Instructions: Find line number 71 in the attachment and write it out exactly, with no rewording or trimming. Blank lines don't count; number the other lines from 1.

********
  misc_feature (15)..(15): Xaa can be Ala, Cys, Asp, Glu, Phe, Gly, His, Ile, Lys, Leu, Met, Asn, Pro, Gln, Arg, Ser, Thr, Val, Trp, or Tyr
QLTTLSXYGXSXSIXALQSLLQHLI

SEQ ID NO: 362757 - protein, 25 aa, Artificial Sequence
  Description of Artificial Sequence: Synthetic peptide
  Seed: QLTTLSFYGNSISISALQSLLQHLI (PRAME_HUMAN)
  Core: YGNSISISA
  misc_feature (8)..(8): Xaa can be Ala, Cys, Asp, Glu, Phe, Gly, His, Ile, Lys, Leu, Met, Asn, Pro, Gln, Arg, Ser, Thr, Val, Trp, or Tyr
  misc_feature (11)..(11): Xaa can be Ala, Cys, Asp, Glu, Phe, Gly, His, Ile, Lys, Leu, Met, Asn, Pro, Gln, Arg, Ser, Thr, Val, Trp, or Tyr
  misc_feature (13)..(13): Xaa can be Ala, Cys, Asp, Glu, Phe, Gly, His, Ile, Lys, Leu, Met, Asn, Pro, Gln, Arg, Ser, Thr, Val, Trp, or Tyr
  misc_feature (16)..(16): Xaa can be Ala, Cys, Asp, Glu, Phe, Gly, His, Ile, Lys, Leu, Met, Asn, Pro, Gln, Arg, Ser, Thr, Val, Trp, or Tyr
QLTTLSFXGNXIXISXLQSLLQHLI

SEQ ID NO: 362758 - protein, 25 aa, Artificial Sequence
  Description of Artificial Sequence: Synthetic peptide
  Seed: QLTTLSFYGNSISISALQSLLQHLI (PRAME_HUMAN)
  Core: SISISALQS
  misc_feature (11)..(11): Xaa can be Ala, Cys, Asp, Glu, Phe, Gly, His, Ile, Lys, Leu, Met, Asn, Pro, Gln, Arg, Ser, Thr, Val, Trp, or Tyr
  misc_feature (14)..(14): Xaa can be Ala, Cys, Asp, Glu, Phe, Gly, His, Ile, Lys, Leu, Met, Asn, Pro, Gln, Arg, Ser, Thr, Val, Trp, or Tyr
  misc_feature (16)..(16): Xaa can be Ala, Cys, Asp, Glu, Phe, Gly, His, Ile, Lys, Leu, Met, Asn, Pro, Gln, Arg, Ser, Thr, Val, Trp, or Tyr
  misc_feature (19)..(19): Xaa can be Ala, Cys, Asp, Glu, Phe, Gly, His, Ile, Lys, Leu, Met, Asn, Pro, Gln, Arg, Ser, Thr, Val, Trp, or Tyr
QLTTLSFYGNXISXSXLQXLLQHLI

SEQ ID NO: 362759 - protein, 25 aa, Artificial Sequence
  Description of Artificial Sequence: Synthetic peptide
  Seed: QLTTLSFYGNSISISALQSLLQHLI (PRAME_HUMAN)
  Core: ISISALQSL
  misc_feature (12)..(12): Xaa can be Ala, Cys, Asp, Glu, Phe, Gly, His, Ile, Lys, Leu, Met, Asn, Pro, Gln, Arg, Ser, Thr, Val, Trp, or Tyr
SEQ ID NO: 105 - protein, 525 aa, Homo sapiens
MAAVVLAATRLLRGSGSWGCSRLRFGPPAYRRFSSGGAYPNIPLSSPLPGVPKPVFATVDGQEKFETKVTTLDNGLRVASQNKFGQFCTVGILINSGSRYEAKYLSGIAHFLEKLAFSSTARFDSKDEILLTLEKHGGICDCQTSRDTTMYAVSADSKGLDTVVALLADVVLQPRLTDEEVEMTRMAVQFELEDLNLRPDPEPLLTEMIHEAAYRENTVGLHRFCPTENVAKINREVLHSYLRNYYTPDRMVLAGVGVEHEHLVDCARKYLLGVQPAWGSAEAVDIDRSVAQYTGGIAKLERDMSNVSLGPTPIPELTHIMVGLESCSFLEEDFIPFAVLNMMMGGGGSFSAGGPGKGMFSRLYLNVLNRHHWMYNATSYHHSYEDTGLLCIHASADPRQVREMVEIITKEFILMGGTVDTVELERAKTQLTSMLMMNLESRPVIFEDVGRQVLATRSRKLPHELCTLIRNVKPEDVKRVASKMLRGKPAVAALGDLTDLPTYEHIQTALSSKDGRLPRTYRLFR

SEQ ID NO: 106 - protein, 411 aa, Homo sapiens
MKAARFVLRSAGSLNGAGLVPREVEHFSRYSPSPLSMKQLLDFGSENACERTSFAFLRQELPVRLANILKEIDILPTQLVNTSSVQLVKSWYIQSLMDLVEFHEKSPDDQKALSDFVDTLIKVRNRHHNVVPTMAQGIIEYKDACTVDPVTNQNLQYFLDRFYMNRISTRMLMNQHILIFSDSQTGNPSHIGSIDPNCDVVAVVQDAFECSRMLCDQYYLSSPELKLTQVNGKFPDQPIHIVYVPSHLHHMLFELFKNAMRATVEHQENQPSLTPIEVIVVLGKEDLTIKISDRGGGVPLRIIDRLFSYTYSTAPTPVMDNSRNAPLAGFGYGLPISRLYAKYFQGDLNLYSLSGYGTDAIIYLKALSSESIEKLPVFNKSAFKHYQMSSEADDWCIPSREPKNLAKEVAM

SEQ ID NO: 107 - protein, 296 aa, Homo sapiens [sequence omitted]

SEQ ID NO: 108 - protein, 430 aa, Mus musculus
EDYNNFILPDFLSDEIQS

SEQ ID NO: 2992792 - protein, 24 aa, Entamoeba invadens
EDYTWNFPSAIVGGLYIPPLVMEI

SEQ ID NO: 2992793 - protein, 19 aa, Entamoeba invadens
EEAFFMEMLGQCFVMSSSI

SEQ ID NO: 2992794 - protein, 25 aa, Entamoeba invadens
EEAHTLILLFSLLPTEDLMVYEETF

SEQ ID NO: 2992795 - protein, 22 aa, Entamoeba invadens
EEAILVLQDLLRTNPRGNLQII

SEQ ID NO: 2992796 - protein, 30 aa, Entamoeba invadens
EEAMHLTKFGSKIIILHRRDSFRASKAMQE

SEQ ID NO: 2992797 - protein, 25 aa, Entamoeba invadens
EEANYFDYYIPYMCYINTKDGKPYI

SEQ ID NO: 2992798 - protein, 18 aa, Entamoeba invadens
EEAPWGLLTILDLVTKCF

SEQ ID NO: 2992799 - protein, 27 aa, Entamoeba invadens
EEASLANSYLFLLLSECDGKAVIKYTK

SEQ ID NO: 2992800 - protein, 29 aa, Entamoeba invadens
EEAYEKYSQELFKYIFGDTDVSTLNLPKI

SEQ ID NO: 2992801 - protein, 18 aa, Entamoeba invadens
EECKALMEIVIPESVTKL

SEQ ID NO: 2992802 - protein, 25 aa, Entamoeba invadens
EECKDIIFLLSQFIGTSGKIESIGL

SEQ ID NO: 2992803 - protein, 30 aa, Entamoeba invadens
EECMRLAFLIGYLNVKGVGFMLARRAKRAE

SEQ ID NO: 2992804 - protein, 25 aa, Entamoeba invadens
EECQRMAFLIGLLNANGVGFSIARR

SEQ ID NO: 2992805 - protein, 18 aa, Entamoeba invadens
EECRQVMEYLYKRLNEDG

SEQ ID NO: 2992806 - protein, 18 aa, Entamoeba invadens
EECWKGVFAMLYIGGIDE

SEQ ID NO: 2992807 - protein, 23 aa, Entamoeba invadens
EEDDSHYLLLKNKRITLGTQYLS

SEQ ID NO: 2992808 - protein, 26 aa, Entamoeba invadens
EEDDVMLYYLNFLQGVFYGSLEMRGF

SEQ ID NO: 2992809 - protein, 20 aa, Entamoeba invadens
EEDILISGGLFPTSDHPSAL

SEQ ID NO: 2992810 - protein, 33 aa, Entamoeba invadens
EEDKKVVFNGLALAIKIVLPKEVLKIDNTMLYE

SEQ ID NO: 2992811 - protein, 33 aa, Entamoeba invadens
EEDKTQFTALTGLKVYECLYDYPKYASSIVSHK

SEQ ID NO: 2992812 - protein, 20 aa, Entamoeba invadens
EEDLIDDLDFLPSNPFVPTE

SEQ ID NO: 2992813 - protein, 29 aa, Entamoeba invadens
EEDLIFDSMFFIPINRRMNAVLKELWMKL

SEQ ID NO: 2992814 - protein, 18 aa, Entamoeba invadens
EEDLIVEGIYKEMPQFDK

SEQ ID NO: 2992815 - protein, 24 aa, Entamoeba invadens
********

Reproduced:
SEQ ID NO: 2992811 - protein, 33 aa, Entamoeba invadens